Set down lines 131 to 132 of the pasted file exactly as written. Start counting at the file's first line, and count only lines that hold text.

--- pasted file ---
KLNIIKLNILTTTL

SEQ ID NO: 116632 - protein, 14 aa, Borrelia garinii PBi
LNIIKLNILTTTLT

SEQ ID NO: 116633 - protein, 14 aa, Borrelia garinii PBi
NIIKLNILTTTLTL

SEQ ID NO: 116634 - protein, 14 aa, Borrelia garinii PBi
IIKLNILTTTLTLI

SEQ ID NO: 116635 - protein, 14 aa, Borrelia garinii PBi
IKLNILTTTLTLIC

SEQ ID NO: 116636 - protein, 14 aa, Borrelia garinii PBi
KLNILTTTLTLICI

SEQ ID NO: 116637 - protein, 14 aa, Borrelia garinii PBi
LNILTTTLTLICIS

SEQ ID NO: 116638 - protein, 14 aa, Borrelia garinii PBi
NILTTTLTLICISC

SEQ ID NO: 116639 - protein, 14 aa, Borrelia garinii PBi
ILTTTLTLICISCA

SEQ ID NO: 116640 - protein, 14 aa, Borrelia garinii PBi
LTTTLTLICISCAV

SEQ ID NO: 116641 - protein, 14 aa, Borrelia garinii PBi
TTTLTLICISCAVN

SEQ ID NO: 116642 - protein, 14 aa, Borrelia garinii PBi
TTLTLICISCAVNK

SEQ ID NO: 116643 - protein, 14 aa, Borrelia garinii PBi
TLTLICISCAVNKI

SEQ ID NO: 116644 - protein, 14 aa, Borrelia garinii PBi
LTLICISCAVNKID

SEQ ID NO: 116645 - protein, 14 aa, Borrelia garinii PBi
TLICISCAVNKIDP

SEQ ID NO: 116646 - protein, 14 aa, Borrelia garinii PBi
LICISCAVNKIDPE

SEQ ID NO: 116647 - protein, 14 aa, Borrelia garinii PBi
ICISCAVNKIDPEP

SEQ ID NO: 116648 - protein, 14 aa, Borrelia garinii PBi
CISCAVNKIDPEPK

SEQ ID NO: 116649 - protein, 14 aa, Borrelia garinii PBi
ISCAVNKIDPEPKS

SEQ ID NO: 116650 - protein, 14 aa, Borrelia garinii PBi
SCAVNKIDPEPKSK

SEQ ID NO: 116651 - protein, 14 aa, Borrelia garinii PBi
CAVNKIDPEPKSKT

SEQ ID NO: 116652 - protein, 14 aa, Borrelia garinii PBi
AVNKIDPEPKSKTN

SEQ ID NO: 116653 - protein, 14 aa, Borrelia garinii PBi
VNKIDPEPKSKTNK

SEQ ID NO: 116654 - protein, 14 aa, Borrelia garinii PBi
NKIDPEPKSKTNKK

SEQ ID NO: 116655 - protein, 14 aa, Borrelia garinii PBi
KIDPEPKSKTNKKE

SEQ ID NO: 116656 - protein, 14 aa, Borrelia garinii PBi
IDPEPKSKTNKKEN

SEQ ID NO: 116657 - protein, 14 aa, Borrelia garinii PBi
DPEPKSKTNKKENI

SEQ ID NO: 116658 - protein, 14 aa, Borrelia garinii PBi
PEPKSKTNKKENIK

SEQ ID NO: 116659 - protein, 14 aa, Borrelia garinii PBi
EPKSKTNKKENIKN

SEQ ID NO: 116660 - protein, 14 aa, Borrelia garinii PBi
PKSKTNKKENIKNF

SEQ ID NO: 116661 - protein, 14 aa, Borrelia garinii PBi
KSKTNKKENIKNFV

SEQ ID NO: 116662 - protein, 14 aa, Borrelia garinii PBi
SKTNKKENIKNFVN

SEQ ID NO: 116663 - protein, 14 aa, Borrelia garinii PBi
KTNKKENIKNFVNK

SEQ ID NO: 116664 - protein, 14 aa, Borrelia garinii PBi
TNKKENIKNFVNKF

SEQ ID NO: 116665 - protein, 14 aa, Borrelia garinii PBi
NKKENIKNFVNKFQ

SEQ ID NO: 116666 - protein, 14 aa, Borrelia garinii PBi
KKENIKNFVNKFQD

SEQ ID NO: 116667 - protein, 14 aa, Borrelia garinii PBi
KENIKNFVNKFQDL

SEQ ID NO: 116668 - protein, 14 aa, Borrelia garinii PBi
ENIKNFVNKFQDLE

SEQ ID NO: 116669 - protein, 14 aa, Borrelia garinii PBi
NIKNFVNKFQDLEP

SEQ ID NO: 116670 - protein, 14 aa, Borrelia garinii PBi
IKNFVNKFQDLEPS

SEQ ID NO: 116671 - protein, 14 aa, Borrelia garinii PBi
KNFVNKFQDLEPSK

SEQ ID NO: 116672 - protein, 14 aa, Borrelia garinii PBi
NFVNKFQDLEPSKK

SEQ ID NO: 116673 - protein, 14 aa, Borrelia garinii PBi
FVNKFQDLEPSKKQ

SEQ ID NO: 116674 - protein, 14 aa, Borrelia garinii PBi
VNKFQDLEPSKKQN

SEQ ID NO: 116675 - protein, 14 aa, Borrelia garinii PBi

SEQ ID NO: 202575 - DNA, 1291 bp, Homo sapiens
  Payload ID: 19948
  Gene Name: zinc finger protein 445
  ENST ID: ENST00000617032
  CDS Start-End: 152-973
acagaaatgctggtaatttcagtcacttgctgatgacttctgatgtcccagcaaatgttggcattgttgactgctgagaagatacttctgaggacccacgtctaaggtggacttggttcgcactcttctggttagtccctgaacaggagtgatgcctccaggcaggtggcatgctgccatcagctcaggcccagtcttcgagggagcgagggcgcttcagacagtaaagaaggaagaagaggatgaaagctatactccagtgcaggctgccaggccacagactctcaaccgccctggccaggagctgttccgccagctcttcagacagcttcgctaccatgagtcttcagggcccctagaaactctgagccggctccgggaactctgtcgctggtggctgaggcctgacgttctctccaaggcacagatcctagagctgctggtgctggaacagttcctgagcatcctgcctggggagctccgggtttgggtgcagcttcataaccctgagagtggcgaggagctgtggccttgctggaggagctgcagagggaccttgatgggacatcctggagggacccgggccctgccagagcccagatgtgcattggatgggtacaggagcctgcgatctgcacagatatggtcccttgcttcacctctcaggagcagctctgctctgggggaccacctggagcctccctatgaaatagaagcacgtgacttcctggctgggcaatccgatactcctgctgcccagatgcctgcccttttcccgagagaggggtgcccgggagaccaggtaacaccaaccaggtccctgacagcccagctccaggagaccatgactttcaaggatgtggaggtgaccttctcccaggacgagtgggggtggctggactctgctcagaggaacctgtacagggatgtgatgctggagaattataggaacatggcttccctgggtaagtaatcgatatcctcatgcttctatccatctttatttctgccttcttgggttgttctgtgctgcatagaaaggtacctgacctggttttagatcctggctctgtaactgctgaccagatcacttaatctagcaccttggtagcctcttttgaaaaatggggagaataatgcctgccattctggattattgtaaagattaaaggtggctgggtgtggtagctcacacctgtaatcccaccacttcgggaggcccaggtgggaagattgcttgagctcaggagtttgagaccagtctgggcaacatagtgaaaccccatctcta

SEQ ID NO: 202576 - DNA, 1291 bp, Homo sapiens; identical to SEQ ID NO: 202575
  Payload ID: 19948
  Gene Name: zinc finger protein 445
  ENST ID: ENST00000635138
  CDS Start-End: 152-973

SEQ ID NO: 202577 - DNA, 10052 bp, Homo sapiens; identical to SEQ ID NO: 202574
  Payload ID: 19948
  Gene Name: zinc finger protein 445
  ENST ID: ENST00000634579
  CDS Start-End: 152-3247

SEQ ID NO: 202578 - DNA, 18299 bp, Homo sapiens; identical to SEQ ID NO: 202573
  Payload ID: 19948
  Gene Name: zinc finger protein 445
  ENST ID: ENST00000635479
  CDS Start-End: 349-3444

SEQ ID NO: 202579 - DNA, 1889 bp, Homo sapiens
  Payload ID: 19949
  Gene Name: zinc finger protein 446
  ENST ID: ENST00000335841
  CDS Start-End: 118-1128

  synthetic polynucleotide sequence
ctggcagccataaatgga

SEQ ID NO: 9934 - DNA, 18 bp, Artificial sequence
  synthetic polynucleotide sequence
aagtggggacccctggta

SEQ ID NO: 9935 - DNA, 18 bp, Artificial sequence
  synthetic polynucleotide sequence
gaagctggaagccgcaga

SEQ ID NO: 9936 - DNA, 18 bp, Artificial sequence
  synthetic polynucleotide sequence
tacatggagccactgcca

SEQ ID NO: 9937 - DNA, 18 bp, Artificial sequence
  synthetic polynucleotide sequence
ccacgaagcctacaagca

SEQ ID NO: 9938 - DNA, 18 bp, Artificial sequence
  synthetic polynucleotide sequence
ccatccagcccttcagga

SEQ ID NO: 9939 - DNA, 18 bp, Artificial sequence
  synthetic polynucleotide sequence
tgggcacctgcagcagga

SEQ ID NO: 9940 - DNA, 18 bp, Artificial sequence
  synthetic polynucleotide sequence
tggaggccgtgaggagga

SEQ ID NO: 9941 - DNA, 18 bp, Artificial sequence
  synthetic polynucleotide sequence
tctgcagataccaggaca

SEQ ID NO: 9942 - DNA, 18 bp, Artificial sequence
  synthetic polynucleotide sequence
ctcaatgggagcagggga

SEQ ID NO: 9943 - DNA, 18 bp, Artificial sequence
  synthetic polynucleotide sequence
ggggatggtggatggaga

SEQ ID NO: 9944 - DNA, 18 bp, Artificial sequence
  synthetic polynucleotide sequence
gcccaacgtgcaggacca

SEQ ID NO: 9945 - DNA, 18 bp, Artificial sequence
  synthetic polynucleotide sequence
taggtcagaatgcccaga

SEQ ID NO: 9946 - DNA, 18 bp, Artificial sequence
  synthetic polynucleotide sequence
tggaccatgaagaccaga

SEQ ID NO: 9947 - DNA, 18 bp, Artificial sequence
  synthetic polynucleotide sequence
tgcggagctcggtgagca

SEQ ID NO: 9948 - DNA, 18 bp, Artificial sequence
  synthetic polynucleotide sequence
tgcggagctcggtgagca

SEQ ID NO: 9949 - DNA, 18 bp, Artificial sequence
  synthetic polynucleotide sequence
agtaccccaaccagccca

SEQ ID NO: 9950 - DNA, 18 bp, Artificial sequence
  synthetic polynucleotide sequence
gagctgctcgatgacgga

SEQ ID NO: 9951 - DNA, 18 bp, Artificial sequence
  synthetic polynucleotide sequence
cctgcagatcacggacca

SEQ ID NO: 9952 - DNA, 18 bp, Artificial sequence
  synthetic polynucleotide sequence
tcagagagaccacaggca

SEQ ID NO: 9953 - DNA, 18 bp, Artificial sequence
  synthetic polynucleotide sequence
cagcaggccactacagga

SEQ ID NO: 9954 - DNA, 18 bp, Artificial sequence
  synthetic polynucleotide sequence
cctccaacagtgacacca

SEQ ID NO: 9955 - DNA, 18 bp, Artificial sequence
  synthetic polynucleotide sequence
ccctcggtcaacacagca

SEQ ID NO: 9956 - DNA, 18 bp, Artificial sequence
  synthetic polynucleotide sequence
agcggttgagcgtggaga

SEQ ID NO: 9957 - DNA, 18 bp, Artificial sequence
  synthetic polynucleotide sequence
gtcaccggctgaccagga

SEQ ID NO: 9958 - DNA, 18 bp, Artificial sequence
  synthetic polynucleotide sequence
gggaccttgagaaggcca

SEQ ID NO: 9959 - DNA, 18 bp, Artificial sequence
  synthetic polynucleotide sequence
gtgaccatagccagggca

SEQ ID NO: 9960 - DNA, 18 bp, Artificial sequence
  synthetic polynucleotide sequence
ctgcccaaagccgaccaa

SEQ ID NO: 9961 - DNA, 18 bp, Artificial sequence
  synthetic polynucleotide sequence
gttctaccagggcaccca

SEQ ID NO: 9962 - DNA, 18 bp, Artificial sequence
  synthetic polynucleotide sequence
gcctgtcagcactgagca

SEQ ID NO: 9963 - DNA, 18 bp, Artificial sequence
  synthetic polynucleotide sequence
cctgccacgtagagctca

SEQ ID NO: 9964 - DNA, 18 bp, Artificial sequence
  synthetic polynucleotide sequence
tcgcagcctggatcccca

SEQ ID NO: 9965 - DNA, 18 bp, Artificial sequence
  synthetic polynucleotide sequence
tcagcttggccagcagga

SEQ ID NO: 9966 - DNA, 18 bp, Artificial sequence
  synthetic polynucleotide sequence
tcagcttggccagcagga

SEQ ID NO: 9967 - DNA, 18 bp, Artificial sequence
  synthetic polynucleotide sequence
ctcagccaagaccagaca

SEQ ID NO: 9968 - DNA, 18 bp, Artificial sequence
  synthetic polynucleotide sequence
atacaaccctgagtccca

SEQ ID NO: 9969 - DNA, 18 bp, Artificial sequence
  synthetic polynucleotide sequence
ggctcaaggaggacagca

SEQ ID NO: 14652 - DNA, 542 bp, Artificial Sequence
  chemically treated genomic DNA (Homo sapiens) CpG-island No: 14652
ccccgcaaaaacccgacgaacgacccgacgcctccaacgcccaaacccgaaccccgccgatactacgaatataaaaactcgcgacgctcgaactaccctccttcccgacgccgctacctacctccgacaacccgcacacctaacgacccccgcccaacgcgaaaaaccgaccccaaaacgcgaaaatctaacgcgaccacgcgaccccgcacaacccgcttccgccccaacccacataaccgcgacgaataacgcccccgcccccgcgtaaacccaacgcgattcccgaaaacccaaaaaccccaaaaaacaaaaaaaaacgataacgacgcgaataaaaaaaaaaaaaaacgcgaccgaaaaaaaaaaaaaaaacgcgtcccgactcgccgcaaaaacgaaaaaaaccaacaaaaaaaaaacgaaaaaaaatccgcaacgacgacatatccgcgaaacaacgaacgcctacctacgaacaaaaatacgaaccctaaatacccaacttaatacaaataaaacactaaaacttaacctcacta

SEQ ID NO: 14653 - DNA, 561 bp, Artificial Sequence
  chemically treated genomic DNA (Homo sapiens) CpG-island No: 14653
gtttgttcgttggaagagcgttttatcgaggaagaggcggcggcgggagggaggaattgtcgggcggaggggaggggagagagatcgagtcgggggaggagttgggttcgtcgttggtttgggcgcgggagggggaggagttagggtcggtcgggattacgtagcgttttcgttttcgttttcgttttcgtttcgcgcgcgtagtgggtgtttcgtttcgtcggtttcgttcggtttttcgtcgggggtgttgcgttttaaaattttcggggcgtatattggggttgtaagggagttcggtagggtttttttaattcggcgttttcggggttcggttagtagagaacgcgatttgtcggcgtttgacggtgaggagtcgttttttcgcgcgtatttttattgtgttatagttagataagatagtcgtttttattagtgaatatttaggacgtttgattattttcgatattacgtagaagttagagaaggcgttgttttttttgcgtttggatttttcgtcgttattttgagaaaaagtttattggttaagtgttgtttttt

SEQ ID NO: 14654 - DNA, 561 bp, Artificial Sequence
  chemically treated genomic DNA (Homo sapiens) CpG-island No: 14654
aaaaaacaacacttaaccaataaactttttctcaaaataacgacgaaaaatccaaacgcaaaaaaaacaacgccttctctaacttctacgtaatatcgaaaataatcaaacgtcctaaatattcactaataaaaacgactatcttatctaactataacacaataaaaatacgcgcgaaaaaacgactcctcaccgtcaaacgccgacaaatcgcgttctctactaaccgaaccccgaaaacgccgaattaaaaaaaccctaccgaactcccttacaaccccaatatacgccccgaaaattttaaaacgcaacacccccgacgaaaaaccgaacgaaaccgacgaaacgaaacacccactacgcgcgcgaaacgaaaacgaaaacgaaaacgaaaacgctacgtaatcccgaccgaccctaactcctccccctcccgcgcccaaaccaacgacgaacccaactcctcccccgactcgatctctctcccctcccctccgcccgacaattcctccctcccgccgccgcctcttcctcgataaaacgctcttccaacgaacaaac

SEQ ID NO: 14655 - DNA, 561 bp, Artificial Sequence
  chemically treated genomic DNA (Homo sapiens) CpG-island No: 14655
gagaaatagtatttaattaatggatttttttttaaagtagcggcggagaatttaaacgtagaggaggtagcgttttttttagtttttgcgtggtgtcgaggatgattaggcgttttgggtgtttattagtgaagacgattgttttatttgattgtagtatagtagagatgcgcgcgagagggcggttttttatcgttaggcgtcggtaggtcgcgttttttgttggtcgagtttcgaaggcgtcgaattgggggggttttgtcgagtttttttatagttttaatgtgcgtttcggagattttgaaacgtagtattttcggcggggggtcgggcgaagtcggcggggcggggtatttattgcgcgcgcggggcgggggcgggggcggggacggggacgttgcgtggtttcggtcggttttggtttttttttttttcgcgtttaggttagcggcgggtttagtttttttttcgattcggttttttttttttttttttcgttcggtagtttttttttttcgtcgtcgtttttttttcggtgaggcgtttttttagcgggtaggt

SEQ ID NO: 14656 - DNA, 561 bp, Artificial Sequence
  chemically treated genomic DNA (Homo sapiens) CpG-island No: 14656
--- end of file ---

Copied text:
ccatccagcccttcagga

SEQ ID NO: 9939 - DNA, 18 bp, Artificial sequence